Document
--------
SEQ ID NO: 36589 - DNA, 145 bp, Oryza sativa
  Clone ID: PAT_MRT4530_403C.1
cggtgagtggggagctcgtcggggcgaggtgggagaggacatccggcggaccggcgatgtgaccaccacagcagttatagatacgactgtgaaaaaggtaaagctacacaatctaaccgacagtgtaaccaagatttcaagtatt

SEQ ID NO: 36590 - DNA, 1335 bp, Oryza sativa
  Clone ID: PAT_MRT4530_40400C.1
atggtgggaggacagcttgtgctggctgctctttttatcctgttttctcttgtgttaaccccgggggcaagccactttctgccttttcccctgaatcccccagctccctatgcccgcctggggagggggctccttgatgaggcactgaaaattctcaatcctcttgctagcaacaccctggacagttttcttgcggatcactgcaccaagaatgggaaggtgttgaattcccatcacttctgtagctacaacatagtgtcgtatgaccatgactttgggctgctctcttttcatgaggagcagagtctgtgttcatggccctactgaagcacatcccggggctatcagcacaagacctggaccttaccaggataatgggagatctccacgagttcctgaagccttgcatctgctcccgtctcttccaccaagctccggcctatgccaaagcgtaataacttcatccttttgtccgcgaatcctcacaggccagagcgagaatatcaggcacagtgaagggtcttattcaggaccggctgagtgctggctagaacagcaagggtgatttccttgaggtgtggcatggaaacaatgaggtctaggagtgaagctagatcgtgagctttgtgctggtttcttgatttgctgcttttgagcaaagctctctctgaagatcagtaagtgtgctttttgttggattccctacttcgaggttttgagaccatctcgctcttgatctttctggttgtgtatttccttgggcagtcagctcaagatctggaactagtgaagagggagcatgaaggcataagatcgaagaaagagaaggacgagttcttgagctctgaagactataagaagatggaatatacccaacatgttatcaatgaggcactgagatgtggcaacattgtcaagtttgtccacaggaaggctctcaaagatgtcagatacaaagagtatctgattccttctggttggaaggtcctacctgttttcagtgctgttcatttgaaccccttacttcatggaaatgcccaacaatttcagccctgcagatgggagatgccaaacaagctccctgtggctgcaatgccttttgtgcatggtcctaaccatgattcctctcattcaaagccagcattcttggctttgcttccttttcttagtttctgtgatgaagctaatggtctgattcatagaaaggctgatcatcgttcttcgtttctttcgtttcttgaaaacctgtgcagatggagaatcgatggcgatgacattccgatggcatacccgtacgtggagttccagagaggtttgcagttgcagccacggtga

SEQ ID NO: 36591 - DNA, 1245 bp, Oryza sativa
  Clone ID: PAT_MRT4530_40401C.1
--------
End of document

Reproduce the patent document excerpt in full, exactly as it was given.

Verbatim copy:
SEQ ID NO: 36589 - DNA, 145 bp, Oryza sativa
  Clone ID: PAT_MRT4530_403C.1
cggtgagtggggagctcgtcggggcgaggtgggagaggacatccggcggaccggcgatgtgaccaccacagcagttatagatacgactgtgaaaaaggtaaagctacacaatctaaccgacagtgtaaccaagatttcaagtatt

SEQ ID NO: 36590 - DNA, 1335 bp, Oryza sativa
  Clone ID: PAT_MRT4530_40400C.1
atggtgggaggacagcttgtgctggctgctctttttatcctgttttctcttgtgttaaccccgggggcaagccactttctgccttttcccctgaatcccccagctccctatgcccgcctggggagggggctccttgatgaggcactgaaaattctcaatcctcttgctagcaacaccctggacagttttcttgcggatcactgcaccaagaatgggaaggtgttgaattcccatcacttctgtagctacaacatagtgtcgtatgaccatgactttgggctgctctcttttcatgaggagcagagtctgtgttcatggccctactgaagcacatcccggggctatcagcacaagacctggaccttaccaggataatgggagatctccacgagttcctgaagccttgcatctgctcccgtctcttccaccaagctccggcctatgccaaagcgtaataacttcatccttttgtccgcgaatcctcacaggccagagcgagaatatcaggcacagtgaagggtcttattcaggaccggctgagtgctggctagaacagcaagggtgatttccttgaggtgtggcatggaaacaatgaggtctaggagtgaagctagatcgtgagctttgtgctggtttcttgatttgctgcttttgagcaaagctctctctgaagatcagtaagtgtgctttttgttggattccctacttcgaggttttgagaccatctcgctcttgatctttctggttgtgtatttccttgggcagtcagctcaagatctggaactagtgaagagggagcatgaaggcataagatcgaagaaagagaaggacgagttcttgagctctgaagactataagaagatggaatatacccaacatgttatcaatgaggcactgagatgtggcaacattgtcaagtttgtccacaggaaggctctcaaagatgtcagatacaaagagtatctgattccttctggttggaaggtcctacctgttttcagtgctgttcatttgaaccccttacttcatggaaatgcccaacaatttcagccctgcagatgggagatgccaaacaagctccctgtggctgcaatgccttttgtgcatggtcctaaccatgattcctctcattcaaagccagcattcttggctttgcttccttttcttagtttctgtgatgaagctaatggtctgattcatagaaaggctgatcatcgttcttcgtttctttcgtttcttgaaaacctgtgcagatggagaatcgatggcgatgacattccgatggcatacccgtacgtggagttccagagaggtttgcagttgcagccacggtga

SEQ ID NO: 36591 - DNA, 1245 bp, Oryza sativa
  Clone ID: PAT_MRT4530_40401C.1